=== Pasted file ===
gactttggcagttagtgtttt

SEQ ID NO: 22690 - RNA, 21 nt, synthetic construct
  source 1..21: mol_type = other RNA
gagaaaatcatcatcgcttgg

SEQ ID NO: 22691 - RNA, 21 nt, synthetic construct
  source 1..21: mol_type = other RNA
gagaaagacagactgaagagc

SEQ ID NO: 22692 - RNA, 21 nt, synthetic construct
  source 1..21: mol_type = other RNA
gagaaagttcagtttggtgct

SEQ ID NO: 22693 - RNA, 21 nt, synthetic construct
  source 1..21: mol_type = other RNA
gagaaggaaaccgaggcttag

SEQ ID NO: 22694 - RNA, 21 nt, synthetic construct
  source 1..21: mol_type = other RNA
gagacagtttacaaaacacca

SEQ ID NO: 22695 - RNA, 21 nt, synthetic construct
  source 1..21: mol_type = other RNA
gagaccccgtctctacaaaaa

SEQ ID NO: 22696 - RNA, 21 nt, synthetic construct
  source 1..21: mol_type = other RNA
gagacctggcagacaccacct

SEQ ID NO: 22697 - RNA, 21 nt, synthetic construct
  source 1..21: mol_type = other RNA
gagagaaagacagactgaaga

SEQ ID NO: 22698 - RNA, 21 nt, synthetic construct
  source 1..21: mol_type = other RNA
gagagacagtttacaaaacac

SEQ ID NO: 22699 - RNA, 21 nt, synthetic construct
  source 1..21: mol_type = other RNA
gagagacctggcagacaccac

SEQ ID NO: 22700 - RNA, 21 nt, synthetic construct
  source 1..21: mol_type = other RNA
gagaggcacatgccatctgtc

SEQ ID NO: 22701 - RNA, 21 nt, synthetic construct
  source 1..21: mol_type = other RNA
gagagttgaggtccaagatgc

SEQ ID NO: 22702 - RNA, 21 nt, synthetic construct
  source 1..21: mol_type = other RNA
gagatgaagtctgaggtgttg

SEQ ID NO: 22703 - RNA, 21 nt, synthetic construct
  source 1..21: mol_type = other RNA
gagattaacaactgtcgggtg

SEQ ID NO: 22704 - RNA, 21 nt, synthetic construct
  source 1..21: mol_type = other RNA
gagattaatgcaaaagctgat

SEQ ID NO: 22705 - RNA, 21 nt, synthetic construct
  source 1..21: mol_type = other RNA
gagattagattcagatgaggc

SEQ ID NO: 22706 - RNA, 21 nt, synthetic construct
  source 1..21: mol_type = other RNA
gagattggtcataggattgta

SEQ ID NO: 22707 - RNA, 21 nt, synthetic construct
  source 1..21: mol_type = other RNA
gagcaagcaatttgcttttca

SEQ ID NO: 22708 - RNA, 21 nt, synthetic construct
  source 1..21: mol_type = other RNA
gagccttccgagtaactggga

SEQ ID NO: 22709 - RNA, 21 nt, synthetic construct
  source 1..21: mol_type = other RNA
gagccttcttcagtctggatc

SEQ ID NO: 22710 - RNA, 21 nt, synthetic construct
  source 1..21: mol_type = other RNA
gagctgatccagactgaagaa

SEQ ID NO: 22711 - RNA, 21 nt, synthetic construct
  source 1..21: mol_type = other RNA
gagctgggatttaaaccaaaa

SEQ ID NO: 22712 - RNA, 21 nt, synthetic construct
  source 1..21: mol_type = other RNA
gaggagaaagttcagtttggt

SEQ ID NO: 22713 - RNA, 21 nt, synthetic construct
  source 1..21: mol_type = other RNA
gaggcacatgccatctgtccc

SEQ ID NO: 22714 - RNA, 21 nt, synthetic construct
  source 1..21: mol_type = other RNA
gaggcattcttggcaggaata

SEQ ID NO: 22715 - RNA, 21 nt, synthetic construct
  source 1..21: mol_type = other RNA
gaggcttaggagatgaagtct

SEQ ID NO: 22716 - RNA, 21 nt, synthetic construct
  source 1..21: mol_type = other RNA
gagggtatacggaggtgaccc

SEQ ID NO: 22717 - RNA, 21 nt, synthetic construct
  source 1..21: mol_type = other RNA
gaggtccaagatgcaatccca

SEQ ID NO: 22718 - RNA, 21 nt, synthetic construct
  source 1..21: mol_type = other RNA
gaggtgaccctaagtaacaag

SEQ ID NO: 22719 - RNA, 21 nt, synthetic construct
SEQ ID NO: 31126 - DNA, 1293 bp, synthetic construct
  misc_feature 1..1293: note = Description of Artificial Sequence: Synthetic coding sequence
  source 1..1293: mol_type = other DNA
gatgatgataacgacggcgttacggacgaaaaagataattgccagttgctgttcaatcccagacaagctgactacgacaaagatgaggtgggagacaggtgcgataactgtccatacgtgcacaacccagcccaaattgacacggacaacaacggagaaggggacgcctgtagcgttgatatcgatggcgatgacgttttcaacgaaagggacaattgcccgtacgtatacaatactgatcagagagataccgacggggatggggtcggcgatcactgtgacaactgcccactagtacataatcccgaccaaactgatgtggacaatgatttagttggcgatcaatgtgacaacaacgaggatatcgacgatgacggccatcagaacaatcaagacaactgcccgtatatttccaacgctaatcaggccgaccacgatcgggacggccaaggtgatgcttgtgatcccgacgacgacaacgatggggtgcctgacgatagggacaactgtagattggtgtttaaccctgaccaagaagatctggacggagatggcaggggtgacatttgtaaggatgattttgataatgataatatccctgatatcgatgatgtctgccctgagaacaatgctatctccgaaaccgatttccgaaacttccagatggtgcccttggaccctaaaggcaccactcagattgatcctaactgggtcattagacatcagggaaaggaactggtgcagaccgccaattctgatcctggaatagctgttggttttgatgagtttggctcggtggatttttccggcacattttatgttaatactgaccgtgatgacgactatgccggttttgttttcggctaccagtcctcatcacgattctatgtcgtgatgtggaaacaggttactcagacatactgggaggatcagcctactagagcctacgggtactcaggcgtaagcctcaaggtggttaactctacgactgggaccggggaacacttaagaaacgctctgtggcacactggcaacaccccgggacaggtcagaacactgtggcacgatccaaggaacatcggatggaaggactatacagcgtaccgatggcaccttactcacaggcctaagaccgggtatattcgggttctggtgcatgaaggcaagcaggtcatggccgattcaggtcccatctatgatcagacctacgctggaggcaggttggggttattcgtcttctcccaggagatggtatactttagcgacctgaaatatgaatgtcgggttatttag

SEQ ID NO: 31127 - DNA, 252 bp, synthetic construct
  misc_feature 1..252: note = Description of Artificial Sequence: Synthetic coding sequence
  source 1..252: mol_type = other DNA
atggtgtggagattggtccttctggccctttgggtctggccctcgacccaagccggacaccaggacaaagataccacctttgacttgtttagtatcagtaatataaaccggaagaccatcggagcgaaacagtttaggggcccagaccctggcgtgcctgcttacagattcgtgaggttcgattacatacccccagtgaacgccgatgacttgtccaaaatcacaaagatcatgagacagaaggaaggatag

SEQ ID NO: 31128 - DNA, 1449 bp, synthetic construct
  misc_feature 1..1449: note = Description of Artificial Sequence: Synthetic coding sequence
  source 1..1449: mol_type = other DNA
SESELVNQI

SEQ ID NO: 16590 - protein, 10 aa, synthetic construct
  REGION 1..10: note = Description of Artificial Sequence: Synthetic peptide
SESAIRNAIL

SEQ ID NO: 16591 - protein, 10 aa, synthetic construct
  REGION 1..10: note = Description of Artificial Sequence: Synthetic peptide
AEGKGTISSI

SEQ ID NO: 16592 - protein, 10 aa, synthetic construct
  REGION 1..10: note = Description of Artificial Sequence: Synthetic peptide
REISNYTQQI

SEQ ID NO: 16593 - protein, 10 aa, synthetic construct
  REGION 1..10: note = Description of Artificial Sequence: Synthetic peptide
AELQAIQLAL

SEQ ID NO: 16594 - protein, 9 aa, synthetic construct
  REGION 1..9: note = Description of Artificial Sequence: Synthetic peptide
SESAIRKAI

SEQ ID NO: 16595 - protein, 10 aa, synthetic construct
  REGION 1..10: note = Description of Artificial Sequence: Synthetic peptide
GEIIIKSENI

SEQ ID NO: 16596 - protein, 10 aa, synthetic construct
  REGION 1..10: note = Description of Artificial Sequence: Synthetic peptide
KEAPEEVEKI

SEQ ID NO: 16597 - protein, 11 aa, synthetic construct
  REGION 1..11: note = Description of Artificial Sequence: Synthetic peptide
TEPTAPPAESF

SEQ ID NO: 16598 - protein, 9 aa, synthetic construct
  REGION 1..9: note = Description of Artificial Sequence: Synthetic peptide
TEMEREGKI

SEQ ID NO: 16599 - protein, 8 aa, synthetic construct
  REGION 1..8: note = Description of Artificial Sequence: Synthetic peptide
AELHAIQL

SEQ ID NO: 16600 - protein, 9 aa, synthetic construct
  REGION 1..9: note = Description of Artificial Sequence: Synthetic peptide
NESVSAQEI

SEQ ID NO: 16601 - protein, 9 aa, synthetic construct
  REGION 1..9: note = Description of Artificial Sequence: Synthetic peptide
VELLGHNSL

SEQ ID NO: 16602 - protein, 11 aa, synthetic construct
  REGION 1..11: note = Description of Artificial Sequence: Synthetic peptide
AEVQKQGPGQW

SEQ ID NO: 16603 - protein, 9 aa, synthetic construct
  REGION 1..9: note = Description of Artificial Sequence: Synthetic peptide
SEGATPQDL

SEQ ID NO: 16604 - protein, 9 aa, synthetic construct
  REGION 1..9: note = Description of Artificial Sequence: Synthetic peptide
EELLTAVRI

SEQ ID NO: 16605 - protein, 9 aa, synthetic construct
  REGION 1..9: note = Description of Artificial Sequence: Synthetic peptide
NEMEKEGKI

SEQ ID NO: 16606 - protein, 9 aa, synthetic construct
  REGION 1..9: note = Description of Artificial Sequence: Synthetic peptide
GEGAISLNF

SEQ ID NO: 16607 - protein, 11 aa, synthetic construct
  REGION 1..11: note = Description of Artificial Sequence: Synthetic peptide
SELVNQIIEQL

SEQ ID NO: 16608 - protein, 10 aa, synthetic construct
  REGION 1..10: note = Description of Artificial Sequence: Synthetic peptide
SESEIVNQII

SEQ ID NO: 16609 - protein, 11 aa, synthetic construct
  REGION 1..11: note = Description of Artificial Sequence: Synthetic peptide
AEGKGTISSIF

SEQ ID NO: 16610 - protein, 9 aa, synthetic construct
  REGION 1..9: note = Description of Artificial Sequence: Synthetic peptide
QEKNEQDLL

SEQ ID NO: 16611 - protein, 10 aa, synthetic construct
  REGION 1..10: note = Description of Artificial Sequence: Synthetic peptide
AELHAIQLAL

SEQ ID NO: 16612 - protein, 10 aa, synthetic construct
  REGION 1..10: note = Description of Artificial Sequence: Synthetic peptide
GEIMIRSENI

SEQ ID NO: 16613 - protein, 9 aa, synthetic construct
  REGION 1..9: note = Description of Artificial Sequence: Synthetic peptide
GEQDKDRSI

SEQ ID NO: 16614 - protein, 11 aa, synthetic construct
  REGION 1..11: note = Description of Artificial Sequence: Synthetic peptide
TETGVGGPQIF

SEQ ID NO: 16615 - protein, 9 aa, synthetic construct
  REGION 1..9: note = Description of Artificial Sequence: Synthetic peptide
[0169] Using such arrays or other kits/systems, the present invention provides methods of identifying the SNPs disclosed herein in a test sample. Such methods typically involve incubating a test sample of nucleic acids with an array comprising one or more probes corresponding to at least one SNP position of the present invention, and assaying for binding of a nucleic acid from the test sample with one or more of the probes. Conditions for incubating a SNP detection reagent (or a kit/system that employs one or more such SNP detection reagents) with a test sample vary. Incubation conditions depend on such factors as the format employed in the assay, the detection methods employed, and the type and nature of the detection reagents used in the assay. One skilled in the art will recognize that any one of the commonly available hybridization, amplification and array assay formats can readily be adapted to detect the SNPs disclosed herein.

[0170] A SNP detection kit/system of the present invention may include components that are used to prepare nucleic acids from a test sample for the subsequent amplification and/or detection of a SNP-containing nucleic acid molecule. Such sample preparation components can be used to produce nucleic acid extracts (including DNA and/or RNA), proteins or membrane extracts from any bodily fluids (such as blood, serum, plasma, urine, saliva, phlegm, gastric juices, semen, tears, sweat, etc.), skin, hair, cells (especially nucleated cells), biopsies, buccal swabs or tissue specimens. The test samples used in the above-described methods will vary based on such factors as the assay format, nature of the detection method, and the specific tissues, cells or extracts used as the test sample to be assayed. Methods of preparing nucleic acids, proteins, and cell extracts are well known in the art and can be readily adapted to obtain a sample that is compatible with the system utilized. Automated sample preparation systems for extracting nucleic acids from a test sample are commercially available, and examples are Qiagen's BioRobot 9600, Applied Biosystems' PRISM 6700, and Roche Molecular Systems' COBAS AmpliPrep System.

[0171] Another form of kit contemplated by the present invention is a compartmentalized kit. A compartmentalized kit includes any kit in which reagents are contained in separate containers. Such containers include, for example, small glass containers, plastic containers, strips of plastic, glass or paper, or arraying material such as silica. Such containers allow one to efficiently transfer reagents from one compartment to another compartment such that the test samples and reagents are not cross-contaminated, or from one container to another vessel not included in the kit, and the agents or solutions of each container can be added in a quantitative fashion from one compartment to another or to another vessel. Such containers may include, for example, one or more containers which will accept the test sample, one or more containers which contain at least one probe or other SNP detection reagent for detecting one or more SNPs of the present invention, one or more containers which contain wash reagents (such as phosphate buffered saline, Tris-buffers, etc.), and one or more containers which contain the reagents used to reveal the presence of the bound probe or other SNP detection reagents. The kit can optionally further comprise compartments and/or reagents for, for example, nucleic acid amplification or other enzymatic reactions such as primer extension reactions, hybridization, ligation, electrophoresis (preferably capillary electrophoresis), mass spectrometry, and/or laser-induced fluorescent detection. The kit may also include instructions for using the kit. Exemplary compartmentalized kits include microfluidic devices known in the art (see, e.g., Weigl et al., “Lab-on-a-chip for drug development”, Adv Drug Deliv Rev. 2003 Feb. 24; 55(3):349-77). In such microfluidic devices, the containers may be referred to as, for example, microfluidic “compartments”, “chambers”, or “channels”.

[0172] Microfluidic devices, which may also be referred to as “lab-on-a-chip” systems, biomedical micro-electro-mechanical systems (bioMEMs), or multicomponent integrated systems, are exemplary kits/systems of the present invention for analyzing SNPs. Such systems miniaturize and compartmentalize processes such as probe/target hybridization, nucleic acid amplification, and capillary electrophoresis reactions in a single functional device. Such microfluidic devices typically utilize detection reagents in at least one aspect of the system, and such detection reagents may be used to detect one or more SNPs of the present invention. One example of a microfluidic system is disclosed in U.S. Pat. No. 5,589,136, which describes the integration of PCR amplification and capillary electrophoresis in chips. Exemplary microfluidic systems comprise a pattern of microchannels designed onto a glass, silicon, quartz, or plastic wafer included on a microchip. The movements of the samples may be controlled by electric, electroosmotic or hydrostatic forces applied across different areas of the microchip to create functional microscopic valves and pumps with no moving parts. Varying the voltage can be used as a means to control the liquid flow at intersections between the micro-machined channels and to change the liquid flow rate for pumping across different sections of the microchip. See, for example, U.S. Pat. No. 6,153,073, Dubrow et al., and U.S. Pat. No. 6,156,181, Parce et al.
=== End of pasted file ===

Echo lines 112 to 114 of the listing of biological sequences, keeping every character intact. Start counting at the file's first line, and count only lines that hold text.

  REGION 1..10: note = Description of Artificial Sequence: Synthetic peptide
AELQAIQLAL

SEQ ID NO: 16594 - protein, 9 aa, synthetic construct